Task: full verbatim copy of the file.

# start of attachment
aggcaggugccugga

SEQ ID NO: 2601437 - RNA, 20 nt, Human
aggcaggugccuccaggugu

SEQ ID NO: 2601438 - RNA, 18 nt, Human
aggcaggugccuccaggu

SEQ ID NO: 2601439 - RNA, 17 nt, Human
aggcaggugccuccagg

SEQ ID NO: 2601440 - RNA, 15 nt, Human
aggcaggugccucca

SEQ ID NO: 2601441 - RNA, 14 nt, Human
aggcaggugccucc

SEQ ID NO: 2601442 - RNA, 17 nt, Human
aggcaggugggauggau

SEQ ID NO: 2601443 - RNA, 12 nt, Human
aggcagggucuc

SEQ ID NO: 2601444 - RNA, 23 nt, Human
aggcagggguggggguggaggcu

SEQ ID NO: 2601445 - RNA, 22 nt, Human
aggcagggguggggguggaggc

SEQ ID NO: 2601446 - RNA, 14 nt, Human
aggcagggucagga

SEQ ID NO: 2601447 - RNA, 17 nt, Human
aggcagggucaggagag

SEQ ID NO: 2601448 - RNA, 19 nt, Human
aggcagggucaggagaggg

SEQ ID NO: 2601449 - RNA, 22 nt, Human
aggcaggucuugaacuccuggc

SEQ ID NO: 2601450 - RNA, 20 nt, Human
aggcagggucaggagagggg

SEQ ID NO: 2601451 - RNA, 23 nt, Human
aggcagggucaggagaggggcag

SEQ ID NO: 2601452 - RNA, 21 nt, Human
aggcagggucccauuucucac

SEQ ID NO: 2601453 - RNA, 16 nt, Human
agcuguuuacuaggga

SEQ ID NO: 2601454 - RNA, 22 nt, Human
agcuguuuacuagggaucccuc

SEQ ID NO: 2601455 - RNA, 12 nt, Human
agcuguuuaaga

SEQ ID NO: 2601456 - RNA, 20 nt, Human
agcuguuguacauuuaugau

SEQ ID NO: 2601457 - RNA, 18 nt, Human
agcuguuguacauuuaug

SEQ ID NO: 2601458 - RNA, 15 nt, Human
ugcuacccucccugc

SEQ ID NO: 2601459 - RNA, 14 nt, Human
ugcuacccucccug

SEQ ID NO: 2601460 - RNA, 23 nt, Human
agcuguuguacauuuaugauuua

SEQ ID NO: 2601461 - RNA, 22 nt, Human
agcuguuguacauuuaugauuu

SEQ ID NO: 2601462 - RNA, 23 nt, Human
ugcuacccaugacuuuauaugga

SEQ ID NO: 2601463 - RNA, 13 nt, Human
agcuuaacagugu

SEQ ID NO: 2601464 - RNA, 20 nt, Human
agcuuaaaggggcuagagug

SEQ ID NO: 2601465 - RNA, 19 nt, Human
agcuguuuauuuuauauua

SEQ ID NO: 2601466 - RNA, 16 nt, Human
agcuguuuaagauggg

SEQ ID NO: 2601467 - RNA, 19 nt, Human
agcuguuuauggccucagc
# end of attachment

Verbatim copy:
aggcaggugccugga

SEQ ID NO: 2601437 - RNA, 20 nt, Human
aggcaggugccuccaggugu

SEQ ID NO: 2601438 - RNA, 18 nt, Human
aggcaggugccuccaggu

SEQ ID NO: 2601439 - RNA, 17 nt, Human
aggcaggugccuccagg

SEQ ID NO: 2601440 - RNA, 15 nt, Human
aggcaggugccucca

SEQ ID NO: 2601441 - RNA, 14 nt, Human
aggcaggugccucc

SEQ ID NO: 2601442 - RNA, 17 nt, Human
aggcaggugggauggau

SEQ ID NO: 2601443 - RNA, 12 nt, Human
aggcagggucuc

SEQ ID NO: 2601444 - RNA, 23 nt, Human
aggcagggguggggguggaggcu

SEQ ID NO: 2601445 - RNA, 22 nt, Human
aggcagggguggggguggaggc

SEQ ID NO: 2601446 - RNA, 14 nt, Human
aggcagggucagga

SEQ ID NO: 2601447 - RNA, 17 nt, Human
aggcagggucaggagag

SEQ ID NO: 2601448 - RNA, 19 nt, Human
aggcagggucaggagaggg

SEQ ID NO: 2601449 - RNA, 22 nt, Human
aggcaggucuugaacuccuggc

SEQ ID NO: 2601450 - RNA, 20 nt, Human
aggcagggucaggagagggg

SEQ ID NO: 2601451 - RNA, 23 nt, Human
aggcagggucaggagaggggcag

SEQ ID NO: 2601452 - RNA, 21 nt, Human
aggcagggucccauuucucac

SEQ ID NO: 2601453 - RNA, 16 nt, Human
agcuguuuacuaggga

SEQ ID NO: 2601454 - RNA, 22 nt, Human
agcuguuuacuagggaucccuc

SEQ ID NO: 2601455 - RNA, 12 nt, Human
agcuguuuaaga

SEQ ID NO: 2601456 - RNA, 20 nt, Human
agcuguuguacauuuaugau

SEQ ID NO: 2601457 - RNA, 18 nt, Human
agcuguuguacauuuaug

SEQ ID NO: 2601458 - RNA, 15 nt, Human
ugcuacccucccugc

SEQ ID NO: 2601459 - RNA, 14 nt, Human
ugcuacccucccug

SEQ ID NO: 2601460 - RNA, 23 nt, Human
agcuguuguacauuuaugauuua

SEQ ID NO: 2601461 - RNA, 22 nt, Human
agcuguuguacauuuaugauuu

SEQ ID NO: 2601462 - RNA, 23 nt, Human
ugcuacccaugacuuuauaugga

SEQ ID NO: 2601463 - RNA, 13 nt, Human
agcuuaacagugu

SEQ ID NO: 2601464 - RNA, 20 nt, Human
agcuuaaaggggcuagagug

SEQ ID NO: 2601465 - RNA, 19 nt, Human
agcuguuuauuuuauauua

SEQ ID NO: 2601466 - RNA, 16 nt, Human
agcuguuuaagauggg

SEQ ID NO: 2601467 - RNA, 19 nt, Human
agcuguuuauggccucagc